It seems a remarkable thing that the City Rail Link could have been started with no real consideration given to those who would be most affected.
I have immersed myself in the story for the past couple of months mainly because of the pleas from the businesses who, like me, could not work out why things had been allowed to get to where they had got to.
This was important not just because of the CRL, but for all major infrastructure projects that lie ahead - which, according to the Government, are many.
Part of the problem appeared to be that previous major projects had involved largely roading, whereby businesses weren't directly affected. Homes in the way were compulsorily acquired by law.
But that doesn't excuse the ineptitude involved in thinking you can go into downtown Auckland, the country's biggest city, start digging massive holes that will take years to complete, throw up fencing and blockades in the area that stop people entering and somehow not stop for just a minute and think to yourself, 'Gee these businesses in the middle of all of this are surely in for a rough old time'.
Not only is there major disruption, but what is it we know about major projects? They all run late, so no matter what was said at the start by way of a finish date will never come to pass.
For that matter neither will the bill, but that at least is not the problem for the local businesses who as sure as night follows day started to sink under the weight of a programme of disruption.
After receiving the pleas, we asked Transport Minister Phil Twyford what his plan was. He muttered something about a potential hardship fund, Auckland mayor Phil Goff got involved, but nothing happened.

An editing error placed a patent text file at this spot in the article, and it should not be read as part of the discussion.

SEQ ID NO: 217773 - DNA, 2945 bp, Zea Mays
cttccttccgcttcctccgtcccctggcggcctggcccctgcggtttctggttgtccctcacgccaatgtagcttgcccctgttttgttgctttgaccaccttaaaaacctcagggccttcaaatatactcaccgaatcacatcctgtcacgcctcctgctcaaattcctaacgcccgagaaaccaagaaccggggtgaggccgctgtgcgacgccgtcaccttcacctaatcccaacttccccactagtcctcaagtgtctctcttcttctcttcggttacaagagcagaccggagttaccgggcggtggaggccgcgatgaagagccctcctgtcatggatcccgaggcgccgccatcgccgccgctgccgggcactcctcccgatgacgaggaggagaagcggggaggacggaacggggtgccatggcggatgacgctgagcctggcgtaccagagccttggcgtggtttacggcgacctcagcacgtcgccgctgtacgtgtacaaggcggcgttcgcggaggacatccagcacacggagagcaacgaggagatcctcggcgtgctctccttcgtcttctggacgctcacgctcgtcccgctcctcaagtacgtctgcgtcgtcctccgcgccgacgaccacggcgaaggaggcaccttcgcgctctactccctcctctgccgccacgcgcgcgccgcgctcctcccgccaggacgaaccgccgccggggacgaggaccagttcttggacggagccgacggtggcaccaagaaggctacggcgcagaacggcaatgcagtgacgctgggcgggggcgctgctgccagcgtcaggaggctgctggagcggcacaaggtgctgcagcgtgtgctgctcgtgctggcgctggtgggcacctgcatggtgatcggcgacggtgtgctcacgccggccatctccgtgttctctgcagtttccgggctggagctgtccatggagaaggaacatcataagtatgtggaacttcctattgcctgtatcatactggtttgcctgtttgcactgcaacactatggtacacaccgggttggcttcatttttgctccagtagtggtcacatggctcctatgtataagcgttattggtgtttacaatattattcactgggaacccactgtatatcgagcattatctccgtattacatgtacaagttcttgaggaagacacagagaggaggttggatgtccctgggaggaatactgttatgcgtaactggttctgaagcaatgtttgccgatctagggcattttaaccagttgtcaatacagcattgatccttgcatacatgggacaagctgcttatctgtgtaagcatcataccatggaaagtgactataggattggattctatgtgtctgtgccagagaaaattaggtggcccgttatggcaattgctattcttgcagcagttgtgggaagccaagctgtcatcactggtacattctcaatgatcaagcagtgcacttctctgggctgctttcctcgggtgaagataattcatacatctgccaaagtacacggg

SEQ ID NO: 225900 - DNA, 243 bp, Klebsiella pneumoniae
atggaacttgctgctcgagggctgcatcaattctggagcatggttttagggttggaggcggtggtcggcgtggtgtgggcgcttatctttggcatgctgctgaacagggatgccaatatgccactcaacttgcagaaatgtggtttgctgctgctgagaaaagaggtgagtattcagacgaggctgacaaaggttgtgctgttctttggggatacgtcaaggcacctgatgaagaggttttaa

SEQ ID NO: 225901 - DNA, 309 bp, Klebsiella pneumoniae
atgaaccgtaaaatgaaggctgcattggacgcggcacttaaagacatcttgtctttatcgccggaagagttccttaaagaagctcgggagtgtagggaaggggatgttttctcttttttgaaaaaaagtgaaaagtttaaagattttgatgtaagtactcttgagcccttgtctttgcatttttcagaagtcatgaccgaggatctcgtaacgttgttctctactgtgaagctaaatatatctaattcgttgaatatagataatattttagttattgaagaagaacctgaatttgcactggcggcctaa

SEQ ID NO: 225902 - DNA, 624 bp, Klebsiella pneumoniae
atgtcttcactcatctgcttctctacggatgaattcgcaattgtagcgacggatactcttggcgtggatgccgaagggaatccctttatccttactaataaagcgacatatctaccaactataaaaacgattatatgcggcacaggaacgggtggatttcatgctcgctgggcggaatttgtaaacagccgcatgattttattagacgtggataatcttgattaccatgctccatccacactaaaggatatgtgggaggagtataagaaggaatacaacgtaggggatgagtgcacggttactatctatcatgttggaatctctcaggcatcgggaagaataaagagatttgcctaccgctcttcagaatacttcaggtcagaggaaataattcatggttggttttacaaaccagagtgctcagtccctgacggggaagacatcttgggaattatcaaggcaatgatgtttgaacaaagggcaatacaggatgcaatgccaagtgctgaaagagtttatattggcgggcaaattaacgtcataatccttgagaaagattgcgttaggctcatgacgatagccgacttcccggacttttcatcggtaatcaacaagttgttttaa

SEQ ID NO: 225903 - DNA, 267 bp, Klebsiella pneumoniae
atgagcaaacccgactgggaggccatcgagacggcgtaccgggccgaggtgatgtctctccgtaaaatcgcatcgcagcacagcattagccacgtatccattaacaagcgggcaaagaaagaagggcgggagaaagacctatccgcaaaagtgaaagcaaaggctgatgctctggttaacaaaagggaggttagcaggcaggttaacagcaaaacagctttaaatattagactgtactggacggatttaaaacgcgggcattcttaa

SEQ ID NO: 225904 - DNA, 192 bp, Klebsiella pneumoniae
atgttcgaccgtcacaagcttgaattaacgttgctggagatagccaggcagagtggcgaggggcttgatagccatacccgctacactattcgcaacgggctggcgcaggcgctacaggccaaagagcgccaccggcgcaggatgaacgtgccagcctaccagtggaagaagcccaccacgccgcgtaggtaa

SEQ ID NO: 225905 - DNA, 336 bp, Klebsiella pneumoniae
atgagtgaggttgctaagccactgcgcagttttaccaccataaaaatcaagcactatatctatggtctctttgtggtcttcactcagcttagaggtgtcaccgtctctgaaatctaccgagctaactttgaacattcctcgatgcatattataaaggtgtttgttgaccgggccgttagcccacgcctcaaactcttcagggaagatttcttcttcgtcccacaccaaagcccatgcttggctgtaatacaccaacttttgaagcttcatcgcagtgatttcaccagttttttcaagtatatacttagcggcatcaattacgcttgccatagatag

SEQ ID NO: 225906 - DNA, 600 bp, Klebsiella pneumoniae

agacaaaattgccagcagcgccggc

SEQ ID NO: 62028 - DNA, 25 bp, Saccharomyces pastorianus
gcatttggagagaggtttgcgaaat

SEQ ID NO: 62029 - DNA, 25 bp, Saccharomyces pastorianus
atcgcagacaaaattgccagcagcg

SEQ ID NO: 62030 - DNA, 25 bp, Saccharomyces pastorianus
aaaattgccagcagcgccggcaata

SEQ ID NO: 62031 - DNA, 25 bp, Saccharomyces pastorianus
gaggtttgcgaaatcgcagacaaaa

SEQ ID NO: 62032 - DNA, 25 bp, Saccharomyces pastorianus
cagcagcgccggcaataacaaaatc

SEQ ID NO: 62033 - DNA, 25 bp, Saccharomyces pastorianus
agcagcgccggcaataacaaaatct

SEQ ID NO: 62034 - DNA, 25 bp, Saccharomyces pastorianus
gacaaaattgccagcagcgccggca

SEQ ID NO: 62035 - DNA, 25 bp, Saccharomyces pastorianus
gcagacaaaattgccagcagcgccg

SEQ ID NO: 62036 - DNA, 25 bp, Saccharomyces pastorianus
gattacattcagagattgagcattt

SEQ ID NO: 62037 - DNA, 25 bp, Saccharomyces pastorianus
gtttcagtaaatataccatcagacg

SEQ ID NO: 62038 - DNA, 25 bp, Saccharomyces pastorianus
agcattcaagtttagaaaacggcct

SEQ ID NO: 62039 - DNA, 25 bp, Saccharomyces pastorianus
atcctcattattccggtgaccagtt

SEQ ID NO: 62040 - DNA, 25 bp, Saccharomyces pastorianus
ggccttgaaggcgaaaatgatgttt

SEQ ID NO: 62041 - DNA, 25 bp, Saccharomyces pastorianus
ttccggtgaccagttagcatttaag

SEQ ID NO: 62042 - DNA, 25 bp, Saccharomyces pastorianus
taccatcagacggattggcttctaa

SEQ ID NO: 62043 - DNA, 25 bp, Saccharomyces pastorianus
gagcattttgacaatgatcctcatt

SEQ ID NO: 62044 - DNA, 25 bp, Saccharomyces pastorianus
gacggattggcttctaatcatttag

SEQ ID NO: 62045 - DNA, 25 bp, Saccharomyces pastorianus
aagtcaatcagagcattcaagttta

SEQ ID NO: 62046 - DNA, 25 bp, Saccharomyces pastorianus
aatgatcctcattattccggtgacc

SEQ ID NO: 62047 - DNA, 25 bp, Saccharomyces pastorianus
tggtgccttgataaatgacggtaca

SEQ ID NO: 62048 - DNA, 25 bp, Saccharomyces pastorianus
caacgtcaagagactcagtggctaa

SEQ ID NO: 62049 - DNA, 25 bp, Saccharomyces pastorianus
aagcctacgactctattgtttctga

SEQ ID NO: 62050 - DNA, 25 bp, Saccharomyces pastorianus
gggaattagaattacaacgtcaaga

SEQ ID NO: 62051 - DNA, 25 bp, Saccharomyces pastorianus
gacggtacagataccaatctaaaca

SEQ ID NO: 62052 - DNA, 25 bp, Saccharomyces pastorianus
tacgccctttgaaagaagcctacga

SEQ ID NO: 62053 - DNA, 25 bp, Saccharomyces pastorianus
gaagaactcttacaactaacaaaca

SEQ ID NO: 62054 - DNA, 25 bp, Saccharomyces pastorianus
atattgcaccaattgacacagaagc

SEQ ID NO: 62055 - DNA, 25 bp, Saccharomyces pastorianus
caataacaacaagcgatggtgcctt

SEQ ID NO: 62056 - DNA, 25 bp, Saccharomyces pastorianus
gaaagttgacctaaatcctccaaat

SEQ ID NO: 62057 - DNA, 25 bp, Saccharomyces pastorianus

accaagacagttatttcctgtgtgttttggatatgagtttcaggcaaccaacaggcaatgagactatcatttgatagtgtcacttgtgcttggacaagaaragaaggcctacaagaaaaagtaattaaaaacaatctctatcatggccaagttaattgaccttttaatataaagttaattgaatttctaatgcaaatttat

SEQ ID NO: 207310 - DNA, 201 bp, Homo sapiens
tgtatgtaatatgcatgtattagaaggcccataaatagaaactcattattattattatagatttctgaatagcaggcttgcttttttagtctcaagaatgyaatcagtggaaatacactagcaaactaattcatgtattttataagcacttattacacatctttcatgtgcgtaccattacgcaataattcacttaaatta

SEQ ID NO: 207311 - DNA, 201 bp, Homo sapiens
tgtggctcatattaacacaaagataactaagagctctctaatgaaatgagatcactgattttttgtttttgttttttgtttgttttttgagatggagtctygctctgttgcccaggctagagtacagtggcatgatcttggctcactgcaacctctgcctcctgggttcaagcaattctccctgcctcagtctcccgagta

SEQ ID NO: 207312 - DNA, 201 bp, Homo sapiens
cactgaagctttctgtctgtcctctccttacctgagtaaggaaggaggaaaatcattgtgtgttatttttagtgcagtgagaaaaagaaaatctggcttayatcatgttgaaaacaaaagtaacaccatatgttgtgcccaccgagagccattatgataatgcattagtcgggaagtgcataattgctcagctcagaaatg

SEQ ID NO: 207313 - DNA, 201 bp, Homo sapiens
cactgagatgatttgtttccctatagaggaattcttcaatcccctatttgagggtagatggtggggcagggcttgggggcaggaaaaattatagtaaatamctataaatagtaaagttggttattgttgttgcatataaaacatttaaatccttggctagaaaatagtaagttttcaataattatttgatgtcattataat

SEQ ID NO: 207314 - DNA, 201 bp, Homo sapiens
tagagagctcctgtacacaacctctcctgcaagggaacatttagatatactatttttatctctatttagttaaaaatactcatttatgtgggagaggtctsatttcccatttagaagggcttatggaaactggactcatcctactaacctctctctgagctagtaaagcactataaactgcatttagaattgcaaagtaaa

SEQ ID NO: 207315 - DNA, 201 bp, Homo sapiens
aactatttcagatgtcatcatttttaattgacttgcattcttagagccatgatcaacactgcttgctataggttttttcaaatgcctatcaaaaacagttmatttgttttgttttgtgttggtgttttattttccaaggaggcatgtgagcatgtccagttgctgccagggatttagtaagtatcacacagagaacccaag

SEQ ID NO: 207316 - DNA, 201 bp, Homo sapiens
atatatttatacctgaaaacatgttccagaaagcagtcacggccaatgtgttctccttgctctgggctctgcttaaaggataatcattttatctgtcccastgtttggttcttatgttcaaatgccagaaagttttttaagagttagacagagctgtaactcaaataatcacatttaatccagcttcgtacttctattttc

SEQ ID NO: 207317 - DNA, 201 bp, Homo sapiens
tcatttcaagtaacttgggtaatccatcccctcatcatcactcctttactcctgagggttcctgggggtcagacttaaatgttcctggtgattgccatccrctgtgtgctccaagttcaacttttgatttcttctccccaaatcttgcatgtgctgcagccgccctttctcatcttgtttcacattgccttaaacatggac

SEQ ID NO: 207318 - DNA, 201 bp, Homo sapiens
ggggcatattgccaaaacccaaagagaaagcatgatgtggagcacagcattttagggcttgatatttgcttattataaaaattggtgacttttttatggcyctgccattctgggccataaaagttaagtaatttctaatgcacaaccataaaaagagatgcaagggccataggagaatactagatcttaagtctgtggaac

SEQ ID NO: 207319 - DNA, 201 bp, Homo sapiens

It was a simple decision - did they want to do something or not?
Twyford said City Rail Link Limited (CRLL) was working "hand in hand" with businesses offering "material support".
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Upon the reporting of this, the businesses said, "what support?"
I asked Prime Minister Jacinda Ardern and she told me Twyford told her they had some "innovative plans " with "several businesses" that she couldn't name, but which they were negotiating with.
I reported that as well.
At which point the businesses involved contacted me to say, "what businesses?", because not one of their group had any idea of any negotiation.
I got the Prime Minister to give me the paperwork and as it turned out there weren't "several" businesses, there were at best two.
One had a lease takeover option from the CRL enterprise and the other a pop-up option elsewhere.
None of the others appeared to be being helped in any way, shape or form.
By the time we spoke to CRLL, who it must be said are hellishly difficult to work with, it claimed it was between a rock and a hard place.
The offers made - the pop-up and lease option - were as much as it could do. Its remit prevented it writing cheques, which apparently is what most businesses wanted.
CRLL head Sean Sweeney, who had been lured back here from Australia, told me the rules needed changing, the remit wasn't right, and the fact organisers thought they could enter a project like this with no compo plan was mad.
He is of course is right.
I went back and forward between Twyford's office (also a hellishly difficult place to deal with) and the Prime Minister's (in comparison not bad at all).
She finally revealed last Tuesday that an announcement was coming. That announcement got made last Thursday, which was months after the initial problem was raised.
And the announcement was that a hardship fund would be produced, but with no more detail than that.
It had taken months to come up with a yes or no - no wonder Twyford couldn't build 100,000 houses.
My suspicion is because Sweeney dropped the Government in it on my programme, they've dumped him in it by leaving the hardship fund details to him.
He tells me it will be weeks rather than months before the fine print is sorted, so given we got told that on November 1 then by the end of this month we should at least see light at the end of an otherwise shambolic, unprofessional, disorganised tunnel.
There is no excuse for what's happened, and no good reason for its rectification to have taken so long.
If they can't put a simple hardship fund in place, brought about through forward planning and common decency, what's that say about their ability to deliver major infrastructure projects and running the country?